Karen’s questions #3: The Agony and Ecstasy of Analysis

“3) I’m glad to see someone has the interest and the analytical skills to dissect the music we all love. I’d like to do the same albeit from a psychological standpoint but frankly, I’m fearful of breaking the inherent mystery that’s so attractive to this medium.

Cheers, Karen”

– These comments from Karen certainly set some thoughts in motion for me: the vivisection of music, the psychoanalysis inherent in music-analysis, and the mystery of music. To be sure, I have often agonized over what it means to analyze (pull-apart) or even worse, perform vivisection on music. Though I enjoy zooming in on certain aspects of a song, and even find it helpful in my understanding not only of the music but also of myself, I am painfully aware that whatever I (or any music-analyst) come up with will never, ever be able to encapsulate in its entirety my total experience with music such as Interpol’s. I think this feeling of incompleteness ties into my inability to ever have complete knowledge of all that is going on in my consciousness when I listen to a song.

– And yet, as Karen and as other Interpol fans have said, we are glad to see Interpol’s music being treated this way, and I think we are glad because it means something we love is being taken seriously. Their songs do not feel like simple pop songs, but rather feel like complex and “organic” (as Daniel loves to say) entities, complete much in the way we feel a human being is complete. And just as a psychoanalyst strives to cognize and describe in words the complex human mind, aware that s/he will never fully understand what is going on in that mind, so music-analysts (many of whom draw on some sort of music theory for their descriptions) strive to cognize and describe in words the complex human creation that we call music. For me, much of this strife involves asking myself the question, “how does that [music] make you feel?”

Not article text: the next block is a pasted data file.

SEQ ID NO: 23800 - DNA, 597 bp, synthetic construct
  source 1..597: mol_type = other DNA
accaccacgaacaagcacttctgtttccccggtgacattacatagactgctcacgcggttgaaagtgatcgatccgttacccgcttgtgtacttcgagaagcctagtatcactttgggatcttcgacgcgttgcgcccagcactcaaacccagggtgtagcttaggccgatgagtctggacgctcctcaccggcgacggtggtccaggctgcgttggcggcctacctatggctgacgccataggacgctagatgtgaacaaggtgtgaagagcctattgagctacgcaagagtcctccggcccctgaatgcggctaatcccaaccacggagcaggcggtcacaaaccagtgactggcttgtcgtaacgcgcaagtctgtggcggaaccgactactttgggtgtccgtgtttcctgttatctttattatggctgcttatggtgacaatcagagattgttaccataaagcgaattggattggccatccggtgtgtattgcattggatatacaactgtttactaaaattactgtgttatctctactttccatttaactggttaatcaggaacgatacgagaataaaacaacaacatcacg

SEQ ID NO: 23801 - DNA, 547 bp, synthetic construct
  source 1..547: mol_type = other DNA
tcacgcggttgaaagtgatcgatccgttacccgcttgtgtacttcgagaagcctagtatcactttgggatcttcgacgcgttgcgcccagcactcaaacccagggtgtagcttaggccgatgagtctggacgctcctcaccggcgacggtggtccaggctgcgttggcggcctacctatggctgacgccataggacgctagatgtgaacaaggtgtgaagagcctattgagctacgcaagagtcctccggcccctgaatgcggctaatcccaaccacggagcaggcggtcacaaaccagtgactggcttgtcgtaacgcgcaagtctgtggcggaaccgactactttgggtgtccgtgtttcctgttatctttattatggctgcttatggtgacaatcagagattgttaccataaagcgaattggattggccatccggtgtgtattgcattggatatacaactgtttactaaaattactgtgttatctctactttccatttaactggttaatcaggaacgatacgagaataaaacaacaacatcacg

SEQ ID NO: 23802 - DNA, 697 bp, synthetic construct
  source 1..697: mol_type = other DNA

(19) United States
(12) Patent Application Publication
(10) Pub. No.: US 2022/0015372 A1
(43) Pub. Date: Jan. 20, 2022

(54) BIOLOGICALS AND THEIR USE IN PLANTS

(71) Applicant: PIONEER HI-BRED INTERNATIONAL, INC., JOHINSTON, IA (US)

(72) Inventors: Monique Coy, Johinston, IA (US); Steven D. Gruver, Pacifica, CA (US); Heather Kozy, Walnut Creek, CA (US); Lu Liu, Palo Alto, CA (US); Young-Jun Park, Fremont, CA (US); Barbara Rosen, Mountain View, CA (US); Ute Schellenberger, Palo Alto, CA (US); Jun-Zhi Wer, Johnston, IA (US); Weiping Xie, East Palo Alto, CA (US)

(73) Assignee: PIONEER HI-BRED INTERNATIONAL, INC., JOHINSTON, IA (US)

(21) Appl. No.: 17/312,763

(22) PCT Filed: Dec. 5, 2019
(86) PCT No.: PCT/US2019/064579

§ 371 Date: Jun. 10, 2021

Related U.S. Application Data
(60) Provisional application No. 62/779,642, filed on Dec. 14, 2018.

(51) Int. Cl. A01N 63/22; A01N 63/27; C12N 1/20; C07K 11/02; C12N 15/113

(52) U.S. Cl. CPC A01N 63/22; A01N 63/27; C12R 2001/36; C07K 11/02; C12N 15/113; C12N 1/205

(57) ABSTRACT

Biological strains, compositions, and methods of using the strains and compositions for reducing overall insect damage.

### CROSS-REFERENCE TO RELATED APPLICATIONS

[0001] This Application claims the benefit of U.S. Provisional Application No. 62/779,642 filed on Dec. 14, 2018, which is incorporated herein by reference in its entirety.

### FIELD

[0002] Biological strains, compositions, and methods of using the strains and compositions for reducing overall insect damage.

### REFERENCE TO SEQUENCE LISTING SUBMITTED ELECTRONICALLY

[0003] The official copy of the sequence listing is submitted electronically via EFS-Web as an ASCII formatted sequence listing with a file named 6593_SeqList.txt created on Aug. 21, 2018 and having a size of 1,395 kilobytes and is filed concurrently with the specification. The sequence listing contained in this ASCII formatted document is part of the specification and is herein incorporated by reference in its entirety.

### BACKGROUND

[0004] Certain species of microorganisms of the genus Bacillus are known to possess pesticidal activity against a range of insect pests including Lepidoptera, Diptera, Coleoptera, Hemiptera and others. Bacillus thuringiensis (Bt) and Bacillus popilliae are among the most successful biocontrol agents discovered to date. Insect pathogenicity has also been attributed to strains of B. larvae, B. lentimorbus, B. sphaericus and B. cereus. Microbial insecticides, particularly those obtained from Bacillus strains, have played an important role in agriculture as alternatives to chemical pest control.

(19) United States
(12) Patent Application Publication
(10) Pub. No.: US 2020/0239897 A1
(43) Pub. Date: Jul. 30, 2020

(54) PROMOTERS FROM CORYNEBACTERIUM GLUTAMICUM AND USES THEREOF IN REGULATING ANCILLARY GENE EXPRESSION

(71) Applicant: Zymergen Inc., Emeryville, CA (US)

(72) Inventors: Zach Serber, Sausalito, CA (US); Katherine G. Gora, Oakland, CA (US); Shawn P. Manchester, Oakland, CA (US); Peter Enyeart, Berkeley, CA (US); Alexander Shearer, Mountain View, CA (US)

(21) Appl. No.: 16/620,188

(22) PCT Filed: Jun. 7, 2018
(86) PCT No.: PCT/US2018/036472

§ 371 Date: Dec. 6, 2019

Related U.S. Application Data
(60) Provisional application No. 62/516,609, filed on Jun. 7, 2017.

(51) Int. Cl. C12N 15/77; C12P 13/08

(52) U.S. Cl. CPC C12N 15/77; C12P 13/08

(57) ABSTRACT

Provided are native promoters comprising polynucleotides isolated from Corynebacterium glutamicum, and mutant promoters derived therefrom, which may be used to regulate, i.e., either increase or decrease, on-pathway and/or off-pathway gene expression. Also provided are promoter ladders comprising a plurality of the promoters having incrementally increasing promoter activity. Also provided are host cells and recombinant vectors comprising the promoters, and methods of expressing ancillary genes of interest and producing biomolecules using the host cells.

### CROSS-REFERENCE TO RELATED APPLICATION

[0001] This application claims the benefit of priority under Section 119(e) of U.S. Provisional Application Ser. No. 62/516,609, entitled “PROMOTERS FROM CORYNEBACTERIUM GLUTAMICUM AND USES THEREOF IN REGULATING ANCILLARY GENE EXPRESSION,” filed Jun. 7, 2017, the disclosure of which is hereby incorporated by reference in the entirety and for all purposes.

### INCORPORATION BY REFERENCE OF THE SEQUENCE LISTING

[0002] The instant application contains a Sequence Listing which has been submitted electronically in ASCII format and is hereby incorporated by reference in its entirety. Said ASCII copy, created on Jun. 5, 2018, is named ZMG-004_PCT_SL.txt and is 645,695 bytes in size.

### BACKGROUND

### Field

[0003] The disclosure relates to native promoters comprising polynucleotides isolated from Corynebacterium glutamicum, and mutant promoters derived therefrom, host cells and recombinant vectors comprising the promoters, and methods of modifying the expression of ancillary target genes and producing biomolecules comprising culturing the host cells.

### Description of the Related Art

– At the end of the day, Interpol are creating music, and that creation process is a long and arduous one; or so I gather from their interviews. The interviewer will ask “how was your break in between finishing touring for Antics and the release of OLTA?” and invariably one of them will say “well, we had 3 months off, and then went straight back to work.” I think this is where the mystery that Karen mentioned starts. How is it that this kind of sweat-of-the-brow, hours-long work suddenly produces an independent entity that seems to take on a life of its own? And how is it that this entity, this song, can make us feel and react in certain ways?

– Many thanks again, Karen, for your questions/observations, as they provided most satisfyingly food for thought!

Up next: a fan asks “what is your opinion of Carlos’ orchestrations?”

Until then,

Much love from,



~ by megwilhoite on January 17, 2008.

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